that catch-all, paper-thin parenthetical


GO ANYWHERE AND FIND that there is a ratio of franchised coffee shops to big box retail of about three to one. And there is a risky business model at work in all of them, the availability of a wireless network for those with the right devices to log on to the Internet and browse their emails or post on their Facebook wall while they sip their caffeinated concoctions. Contrary to any restaurant model that turns tables in thirty minutes, these joints want customers to stay up to a point, up to two hours. And they do, at the little round tables, space enough to accommodate one with a laptop or in the slightly overstuffed chairs arranged in conversation style or bistro tables lining the windows where one can watch the drive-up traffic. Seated there with his territory clearly marked by his coffee, his technology, his keys, his cell phone and the wallet that holds his badge is Detective Steve Alvarez.

It’s a Monday morning ritual for him, as much as investigating crime in a low-crime suburban incorporated city will allow. What happens here on Monday mornings is akin to the weekend after-party, not for anyone of any particular social interest or attraction. This place, much like Lowe’s, has become a mixer, a place for recent divorcees to put up their shingle and display their new singleness. One doesn’t arrive here in yoga pants having coiffe and face paint in place by accident. The comfy conversation area and bistro tables are more window merchandising than ergonomics for preparing Powerpoints and rehearsing for job interviews. It is a suburban neighborhood red-light district where the Johns are complicit and the girls nonchalant in this hook-up while they sip their grande skinny lattes.

It’s Pike Place for Alvarez. A tall. Nothing illegal is going on here. He is here out of habit because he likes the coffee and the transition this cafe makes from the weekend to the station. His PowerBook is open and he is checking through the postings of the weekend’s activity, new cases in his in box of which there is only one.


The screen scrolls showing an image of Doctor Reagan and other information, his home address, business address, profession, no AKAs, no criminal record. The detective scrolls back to the image. He picks up his cell, opens and speaks into it. “Home.” The phone dials and connects.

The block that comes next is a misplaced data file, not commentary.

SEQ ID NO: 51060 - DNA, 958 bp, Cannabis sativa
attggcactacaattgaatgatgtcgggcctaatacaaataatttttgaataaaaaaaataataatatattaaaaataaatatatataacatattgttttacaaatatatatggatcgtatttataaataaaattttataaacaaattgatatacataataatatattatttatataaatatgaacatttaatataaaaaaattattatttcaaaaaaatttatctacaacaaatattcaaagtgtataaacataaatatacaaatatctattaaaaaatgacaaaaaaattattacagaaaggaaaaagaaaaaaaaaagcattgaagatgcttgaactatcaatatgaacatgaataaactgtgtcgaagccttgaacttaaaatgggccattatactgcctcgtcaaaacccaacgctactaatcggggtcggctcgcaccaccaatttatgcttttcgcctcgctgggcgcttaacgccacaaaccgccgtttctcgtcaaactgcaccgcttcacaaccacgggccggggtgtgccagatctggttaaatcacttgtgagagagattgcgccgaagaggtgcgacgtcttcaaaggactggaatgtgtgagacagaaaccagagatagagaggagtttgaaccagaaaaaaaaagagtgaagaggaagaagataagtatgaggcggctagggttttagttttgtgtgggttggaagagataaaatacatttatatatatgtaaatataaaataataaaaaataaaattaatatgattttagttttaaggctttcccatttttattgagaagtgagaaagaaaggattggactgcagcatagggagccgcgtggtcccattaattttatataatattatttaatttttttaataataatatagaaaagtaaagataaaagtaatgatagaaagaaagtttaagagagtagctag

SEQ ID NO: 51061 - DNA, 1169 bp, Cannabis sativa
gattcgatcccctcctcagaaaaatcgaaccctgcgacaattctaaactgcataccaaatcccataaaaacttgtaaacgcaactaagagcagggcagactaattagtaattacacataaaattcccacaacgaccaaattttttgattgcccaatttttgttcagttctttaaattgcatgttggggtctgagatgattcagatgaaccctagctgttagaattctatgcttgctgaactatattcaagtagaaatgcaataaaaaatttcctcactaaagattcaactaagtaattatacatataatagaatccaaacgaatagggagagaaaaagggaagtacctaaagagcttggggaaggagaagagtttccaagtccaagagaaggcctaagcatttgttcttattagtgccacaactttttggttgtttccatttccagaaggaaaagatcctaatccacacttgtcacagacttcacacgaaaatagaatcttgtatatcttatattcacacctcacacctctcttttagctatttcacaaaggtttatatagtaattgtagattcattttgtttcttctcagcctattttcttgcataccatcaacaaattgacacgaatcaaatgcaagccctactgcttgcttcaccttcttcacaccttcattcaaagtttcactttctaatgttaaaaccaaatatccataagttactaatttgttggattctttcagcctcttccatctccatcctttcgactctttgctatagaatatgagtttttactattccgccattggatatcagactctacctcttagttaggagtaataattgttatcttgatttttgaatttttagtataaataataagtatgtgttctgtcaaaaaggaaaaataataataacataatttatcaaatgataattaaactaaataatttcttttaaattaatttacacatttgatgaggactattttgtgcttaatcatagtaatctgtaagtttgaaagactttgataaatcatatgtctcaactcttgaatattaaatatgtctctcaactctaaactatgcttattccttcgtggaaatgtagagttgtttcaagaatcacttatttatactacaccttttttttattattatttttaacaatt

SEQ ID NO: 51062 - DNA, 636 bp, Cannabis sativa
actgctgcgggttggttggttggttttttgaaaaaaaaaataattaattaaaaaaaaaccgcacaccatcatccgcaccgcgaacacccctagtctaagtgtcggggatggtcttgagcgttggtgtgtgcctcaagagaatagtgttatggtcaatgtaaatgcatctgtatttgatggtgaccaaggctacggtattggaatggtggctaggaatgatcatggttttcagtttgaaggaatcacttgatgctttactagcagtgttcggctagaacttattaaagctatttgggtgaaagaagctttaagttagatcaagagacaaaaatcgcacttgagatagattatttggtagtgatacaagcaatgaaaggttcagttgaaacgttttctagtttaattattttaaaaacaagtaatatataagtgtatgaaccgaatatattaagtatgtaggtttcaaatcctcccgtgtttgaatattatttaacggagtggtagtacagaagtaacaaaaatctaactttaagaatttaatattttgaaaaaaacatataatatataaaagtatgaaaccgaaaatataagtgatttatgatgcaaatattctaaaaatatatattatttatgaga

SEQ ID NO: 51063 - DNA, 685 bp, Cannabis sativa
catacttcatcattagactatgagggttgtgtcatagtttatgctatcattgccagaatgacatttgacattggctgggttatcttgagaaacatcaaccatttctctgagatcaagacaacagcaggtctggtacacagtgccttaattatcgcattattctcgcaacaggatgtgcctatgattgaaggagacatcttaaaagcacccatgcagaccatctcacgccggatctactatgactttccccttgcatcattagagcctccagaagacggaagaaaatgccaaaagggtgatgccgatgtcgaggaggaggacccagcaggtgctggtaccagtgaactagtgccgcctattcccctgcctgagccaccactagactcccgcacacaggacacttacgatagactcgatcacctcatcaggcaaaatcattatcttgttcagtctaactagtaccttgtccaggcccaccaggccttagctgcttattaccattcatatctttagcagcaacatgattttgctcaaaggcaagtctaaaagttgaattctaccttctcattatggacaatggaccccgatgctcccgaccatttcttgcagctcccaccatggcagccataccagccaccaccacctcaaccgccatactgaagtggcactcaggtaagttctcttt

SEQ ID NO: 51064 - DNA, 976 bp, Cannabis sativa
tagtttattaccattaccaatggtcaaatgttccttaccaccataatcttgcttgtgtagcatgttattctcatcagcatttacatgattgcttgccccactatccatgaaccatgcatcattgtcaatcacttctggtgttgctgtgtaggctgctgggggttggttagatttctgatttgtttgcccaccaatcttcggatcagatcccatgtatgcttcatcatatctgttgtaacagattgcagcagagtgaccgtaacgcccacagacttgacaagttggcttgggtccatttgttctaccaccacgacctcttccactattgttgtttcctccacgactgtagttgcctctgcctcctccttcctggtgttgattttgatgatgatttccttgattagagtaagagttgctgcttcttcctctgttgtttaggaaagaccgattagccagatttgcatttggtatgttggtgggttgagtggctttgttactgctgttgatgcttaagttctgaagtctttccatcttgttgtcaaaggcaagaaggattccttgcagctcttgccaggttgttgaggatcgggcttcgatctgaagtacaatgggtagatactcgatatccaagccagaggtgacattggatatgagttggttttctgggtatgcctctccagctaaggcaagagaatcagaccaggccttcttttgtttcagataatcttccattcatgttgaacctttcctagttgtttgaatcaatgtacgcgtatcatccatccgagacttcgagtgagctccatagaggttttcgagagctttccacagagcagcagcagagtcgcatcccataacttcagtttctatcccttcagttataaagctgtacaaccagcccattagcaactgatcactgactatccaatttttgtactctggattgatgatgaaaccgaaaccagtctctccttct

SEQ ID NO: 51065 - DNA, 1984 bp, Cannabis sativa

“Hey, you went with a midwife for Mikayla because of some doctor, right? What was his name?” he asks.

On the other end at a kitchen table in a gentrified Arts and Crafts home in the avenues is Steve’s wife, Serena and his young daughter Mikayla. They are beyond breakfast, into the routine of home school with manipulatives. Mikayla is dressed for the day, leaving her mommy in a faded favorite Oregon Ducks sweatshirt and pajama bottoms.

“It was Reagan. Doctor Reagan. Why?” she says.

Detective Alvarez clears his mouth of coffee. “He showed up on my log this morning.” He listens. “Since yesterday.” Then, “It’s not mature enough. Why didn’t you like him?”

There are bottle caps on the table, cola, grape, orange, root beer, and lemon-lime sodas. Mikayla groups them in fives.

“I had a bad experience with him when I was a teenager,” she says. Mikayla’s eyes are doing the math and now she not only groups them in fives, she groups them in fives by color. Her mommy, still on the phone, “He was the only OB in town then.”

“He was the only OB in town then,” Mikayla mimics.

Steve hears her, “Sorry, you’re in class now, I didn’t realize what time it is. Be good-”

Serena pulls her cell away from her ear and holds it to Mikayla’s, “-for mommy, Mikayla. I love you.”

WHAT REMAINS OF THE FURNITURE in the McDaniel great room is covered in clear visqueen making odd bubbles in the space that used to contain moments of Virginia laying on her daddy’s chest, sleeping in her mother’s arms, rolling on the floor watching a big purple dinosaur on TV and Stella at the ready by her side.

A loud banging comes from somewhere deeper in the house that rattles a drinking glass in the sink. Dust evacuates the hallway opening to the great room and the banging stops. Then there is the sound of a large heavy tool dropping into an enameled steel bathtub. From among the bubbles in the great room Ian can be seen leaving the hall bath, now brightly lit from inside and he marches out through the great room to the door that leads to the garage. He opens it and goes through and just as it slams shut it opens again, with Ian returning to his station in the bathroom armed with a Sawzall. The grating whir of its electric motor echoes off the bathroom’s hard surfaces and then resonates throughout the rest of the house, deep and high tones play on as the reciprocating saw removes what must be attached to the structure’s very foundation by the noise and vibration being made. Underscoring this power-tool roar are the two quarter-notes of the ringing doorbell. The Sawzall stops. Its staccato hangs just a microsecond longer. Then silence.